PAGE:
Anyway, I have an observation and a question:

    Observation: It’s very interesting and disturbing that so many high-level WT people have eventually become frustrated with the system’s limitations and split off from Sitaigung Leung. It is curious that Leung’s system has this point where many people (everyone except Sigung Kernspecht, apparently) become frustrated with it and end up doing something different, often radically. Victor Gutierrez has “Wing Revolution,” Sisok Klaus has this, Sergio Iadarola has his own thing, Sifu Emin claims to teach traditional WT but it seems obvious from his freeform demos that his personal style looks nothing like the idealized WT of the forms. My last teacher, the fantastic Sihing Vernon Bevon, admitted that he has basically all but abandoned WT for his personal style in favor of Escrima concepts. So I think this illustrates that there’s something rotten in the heart of Denmark. Whether that’s a problem with the the system itself, or in Leung’s transmission of it to our generation and beyond, is outside my competence to comment on, but it certainly is not very reassuring to anyone who does independent research on the system.

    Question: From reading this, as well as Sisok Klaus’ mottos and concepts, it seems that this has changed so radically that I wonder what the point is of calling it “WingChun.” Many of the mottos and concepts are not just different than e.g. Ip Man’s conceptualization, but seem often diametrically opposed. Especially when it comes to the defensive side — yielding, softness, sticking, linking attack and defense together, not opposing strength with strength, etc. Brand’s approach seems to be don’t yield, be hard not soft, don’t stick but blast through in another angle, defend first then attack, block or parry hard to disrupt structure, etc. Everything in there (to my understanding) completely contradicts WT/WC conceptually. Which is fine after all; Brand should do what works for him and not adhere to tradition for its own sake. But why call it by a traditional name if it’s something so divorced from tradition? “Klaus Brand Self Defense Systems” works just as well — is the adherence to WC terminology just for marketing?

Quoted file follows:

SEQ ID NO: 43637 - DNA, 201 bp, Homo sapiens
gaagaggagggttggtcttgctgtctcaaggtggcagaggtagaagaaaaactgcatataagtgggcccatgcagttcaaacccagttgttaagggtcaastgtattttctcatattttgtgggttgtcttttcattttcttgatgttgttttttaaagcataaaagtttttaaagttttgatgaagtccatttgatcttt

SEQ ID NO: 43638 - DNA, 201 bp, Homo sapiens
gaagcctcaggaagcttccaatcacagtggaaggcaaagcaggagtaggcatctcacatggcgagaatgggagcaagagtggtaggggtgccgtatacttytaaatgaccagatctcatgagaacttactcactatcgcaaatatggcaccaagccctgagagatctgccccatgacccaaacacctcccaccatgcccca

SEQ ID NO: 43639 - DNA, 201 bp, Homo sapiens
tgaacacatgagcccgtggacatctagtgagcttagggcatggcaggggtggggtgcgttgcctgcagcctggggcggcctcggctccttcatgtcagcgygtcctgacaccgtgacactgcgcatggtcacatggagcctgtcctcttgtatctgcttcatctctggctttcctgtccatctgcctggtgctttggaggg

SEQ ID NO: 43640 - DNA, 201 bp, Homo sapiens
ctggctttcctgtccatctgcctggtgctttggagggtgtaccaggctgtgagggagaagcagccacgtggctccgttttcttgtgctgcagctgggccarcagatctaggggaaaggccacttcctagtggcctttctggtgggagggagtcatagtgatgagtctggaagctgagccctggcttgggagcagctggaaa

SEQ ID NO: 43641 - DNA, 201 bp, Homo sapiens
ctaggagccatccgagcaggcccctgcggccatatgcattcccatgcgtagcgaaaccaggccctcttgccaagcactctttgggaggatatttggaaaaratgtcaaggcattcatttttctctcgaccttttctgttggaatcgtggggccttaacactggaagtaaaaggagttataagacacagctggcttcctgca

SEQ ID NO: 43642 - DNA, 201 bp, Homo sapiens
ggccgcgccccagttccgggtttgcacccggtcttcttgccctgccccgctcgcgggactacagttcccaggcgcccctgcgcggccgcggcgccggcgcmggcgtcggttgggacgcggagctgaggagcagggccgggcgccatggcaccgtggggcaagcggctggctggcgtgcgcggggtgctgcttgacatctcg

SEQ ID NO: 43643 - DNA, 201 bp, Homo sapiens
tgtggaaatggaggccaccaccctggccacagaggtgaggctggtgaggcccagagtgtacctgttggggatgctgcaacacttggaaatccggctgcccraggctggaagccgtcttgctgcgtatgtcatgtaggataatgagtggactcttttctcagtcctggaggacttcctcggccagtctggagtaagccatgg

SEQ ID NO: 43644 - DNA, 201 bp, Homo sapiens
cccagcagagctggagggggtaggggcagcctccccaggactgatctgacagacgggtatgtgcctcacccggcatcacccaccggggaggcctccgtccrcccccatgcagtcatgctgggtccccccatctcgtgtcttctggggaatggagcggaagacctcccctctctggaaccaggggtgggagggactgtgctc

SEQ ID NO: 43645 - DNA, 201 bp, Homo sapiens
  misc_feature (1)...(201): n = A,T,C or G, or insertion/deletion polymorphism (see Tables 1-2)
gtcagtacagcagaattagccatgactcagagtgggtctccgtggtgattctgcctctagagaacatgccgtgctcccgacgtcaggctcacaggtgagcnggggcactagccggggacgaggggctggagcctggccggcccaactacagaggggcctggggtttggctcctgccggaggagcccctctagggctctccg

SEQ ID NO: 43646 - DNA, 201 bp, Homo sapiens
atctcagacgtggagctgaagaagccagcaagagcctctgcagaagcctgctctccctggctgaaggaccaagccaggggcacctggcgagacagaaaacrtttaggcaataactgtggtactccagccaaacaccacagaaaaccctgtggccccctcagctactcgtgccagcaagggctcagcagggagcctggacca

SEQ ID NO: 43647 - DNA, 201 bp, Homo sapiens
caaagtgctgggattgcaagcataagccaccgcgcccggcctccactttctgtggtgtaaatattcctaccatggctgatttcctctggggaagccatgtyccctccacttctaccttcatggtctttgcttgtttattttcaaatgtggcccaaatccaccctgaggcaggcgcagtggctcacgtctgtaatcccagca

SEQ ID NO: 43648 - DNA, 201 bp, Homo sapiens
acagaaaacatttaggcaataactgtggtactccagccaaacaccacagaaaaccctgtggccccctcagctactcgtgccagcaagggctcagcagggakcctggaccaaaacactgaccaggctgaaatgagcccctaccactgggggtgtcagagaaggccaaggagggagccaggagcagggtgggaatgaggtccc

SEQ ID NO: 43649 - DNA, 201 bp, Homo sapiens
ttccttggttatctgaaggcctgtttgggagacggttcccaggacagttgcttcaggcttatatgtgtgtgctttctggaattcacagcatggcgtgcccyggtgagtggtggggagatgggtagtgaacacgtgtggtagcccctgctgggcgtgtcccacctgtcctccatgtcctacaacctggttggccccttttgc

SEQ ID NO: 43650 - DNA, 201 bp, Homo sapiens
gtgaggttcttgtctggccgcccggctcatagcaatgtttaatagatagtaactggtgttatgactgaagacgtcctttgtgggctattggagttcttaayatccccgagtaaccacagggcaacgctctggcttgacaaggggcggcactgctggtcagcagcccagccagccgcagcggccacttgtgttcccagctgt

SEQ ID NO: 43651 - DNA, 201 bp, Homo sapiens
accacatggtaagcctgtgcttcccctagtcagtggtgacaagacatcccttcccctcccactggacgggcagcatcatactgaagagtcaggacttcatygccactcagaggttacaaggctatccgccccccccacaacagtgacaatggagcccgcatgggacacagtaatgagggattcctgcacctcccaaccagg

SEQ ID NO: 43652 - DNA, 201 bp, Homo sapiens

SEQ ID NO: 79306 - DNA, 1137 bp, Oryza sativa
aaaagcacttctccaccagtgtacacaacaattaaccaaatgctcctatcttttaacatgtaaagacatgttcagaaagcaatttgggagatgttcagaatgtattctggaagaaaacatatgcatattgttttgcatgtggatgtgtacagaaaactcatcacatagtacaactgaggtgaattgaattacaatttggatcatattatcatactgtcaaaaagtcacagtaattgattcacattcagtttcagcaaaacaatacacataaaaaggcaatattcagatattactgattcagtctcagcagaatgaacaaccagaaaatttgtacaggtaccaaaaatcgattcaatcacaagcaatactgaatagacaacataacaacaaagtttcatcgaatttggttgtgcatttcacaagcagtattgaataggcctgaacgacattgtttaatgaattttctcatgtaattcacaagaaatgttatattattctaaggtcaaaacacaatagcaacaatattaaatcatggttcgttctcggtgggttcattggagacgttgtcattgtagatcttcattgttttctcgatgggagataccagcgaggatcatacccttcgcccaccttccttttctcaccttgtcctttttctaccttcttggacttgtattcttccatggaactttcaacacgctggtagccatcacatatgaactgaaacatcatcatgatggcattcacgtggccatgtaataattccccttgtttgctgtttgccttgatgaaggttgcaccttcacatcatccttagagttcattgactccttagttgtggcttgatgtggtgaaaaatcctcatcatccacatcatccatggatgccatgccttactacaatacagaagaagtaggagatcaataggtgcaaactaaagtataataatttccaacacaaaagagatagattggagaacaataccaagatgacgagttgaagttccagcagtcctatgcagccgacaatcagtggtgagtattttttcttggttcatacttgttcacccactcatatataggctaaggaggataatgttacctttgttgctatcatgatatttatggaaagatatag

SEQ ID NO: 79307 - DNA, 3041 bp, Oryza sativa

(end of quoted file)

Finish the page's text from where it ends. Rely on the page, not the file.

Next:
Thanks for reading, best of luck training and in the future.
    And if you get the school in Arcata open I might be able to pop in for a seminar or two!


    • Thanks for your kind and astute comments, Kevin. I appreciate that you apparently did your research before posting.

      Much has unfolded in the last decade. Ultimately, you are right and as they say, each to his own. I cannot really speak for anyone else but myself, although Sifu Klaus Brand has given me the privilege and responsibility of representing his system in the US.

      With all due respect to progenitors of the art in past centuries and recent decades, we observed “wing chun” of the 1990’s had lost its original cause of combat functionality. Theory began to restrict practicality. Fantasy started to replace reality. Evolution or revolution was necessary.

      Even during my studies with Sifu Brand, I visited teachers of other styles. I raised questions, naturally from the vantage point of the IAW framework, and wasn’t satisfied with the internally referenced answers. Simply, I believe WingChun serves Self-Defense and not vice versa. What I witnessed was invocation of the same conventional principles whose relevance in confronting the brutality of asocial violence no longer convinced me. That is not to say these rules weren’t useful to preserve the status quo. I assert their efficacy in reinforcing a given paradigm.

      It is not mere semantics that we apply flexibility but not yielding or softness, that we employ stability but not resistance or hardness. Mental flexibility and physical stability are twin pillars of our overall strategy, although it may seem intimidating or heretical to those long accustomed to the opposite approach.